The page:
In a nutshell, get fit and play the right shaft for your game. For typical amateur swings, I think the RIP Phenom is more than adequate, but we all have different needs and preferences.
Effect of Loft Changes
One thing I learned about the R1 during testing was that it truly is many drivers in one. The first swings I took with it were with the loft in the factory setting of 10°. After some swings in that configuration, I raised the loft to 12°. Let me preface this by saying that I tend to hit the ball lower than many people to start with. Regardless, here are some numbers showing the difference I saw on that day after a quick adjustment.
Factory Setting (10°)
|Ball Speed||146 mph|
|Back Spin||2,631 rpm|
Loft adjusted to 12°
|Ball Speed||145 mph|
|Back Spin||2,598 rpm|
Please keep in mind that this is one person’s numbers on one day, but I do think it gives a general idea of what can be accomplished by a simple loft adjustment. As I became more familiar with the R1, my launch angles at the 12° setting were typically in the 12° to 15° range with a spin rate that I’d characterize on the lower side.
I tend to believe that forgiveness is often rated more on a subjective level than an objective one, so I tried to take as much of the guesswork out of this as possible.
I took impact tape and looked at the results on a Vector launch monitor. The graphic and corresponding tables below show what I saw from contact on various spots on the face.
|Ball Speed||145 mph|
|Back Spin||2,990 rpm|
|Side Spin||129 L|
|Horiz Launch||.8 L|
Blue (high contact/moderate toe)
|Ball Speed||146 mph|
|Back Spin||2,524 rpm|
|Side Spin||176 L|
|Horiz Launch||.8 R|
Green (high contact/moderate heel)
|Ball Speed||144 mph|
|Back Spin||2,322 rpm|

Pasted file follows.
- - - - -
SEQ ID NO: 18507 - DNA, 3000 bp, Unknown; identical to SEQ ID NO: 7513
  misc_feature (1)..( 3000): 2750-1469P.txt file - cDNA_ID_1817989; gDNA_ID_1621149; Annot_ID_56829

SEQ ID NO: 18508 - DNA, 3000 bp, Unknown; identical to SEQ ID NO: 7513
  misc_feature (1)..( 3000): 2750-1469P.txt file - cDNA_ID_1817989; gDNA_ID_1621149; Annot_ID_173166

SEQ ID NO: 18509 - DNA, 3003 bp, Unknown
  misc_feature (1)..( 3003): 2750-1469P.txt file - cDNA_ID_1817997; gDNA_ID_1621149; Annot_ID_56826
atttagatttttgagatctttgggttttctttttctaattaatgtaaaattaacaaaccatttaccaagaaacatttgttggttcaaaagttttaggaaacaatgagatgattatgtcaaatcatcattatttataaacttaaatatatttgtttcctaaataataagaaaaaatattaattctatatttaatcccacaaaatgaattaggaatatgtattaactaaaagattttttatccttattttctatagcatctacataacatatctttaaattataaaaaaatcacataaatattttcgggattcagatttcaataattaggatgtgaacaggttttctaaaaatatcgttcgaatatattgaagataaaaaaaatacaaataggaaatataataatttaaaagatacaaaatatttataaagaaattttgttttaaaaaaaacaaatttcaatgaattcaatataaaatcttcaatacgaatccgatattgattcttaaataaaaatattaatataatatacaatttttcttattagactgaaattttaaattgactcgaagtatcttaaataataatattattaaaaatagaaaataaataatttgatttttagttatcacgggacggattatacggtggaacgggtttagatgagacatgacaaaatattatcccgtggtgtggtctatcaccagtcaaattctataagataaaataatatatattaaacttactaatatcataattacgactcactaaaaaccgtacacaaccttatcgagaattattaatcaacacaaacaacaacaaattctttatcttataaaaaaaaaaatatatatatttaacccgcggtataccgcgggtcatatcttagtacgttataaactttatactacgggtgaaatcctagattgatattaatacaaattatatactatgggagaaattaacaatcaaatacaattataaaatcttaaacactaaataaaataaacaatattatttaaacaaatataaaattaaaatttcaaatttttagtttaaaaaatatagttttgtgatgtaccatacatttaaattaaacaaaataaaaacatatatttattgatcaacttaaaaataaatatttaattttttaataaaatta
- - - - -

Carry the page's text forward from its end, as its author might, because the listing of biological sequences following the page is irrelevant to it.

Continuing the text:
|Horiz Launch||2.1 L|
Red (low contact/center)
|Ball Speed||142 mph|
|Back Spin||3,383 rpm|
|Side Spin||169 R|
|Horiz Launch||.7 R|
Orange (low contact/heel)
|Ball Speed||140 mph|
|Back Spin||3,492 rpm|
|Side Spin||844 R|
|Horiz Launch||.1 L|
While this test doesn’t have the same element of perfection that a robotic test can offer, it does show some results from a typical golfer in the 12 handicap range. A quick analysis shows me that missing slightly higher on the face offered somewhat better results than those lower on the face. My personal observation was that the R1 proved to be an adequately forgiving driver.
I’m not a huge proponent of claiming one driver is longer than another, even if I hit it farther in testing. Differences in distance between modern drivers are often a matter of fitting rather than one being ‘longer’ than the other, with some exceptions .
With that statement made, I’ll say that the R1 does offer the opportunity to significantly increase one’s driver carry distance. I say that primarily based on the TaylorMade’s premise that 80% of golfers are playing the wrong loft. Being able to fine tune a single driver to optimal launch conditions could allow for some serious gains, as evidenced by the tables I showed above. Of course, that statement relies on a few things. The golfer either needs access to a knowledgeable fitter or the ability to tune the R1 themselves, ideally with the aid of a launch monitor. Finding the right shaft will be necessary as well. Still, this is quite the improvement from a couple years ago when we were forced to choose a loft and stick with it.
The only real downside to this is that the adjustments can be confusing, especially for the undereducated golfer. The most confusing thing to me was that the sole plate needs to offset loft adjustments if one wishes to keep a neutral face. I fear the use of the word Neutral on the sole plate will cause confusion.
On a personal level, I was quite impressed with the R1. It gave me the ability to find a decent set of launch conditions, which I can’t always do with a driver that I’m asked to review. In addition, I felt like it was easy for me to control. Finally, it sounded better than the last couple TaylorMade drivers that have been put to market. It’s a total-package driver in my books, assuming the looks fit your eye.
I’ll reiterate my belief that the easiest way to get the most out of this driver is a fitting, or at least a good working knowledge of launch conditions and the way the various adjustments affect them. Yes, trial and error on the driving range may work for some, but my experience has been that what we think is right isn’t always right.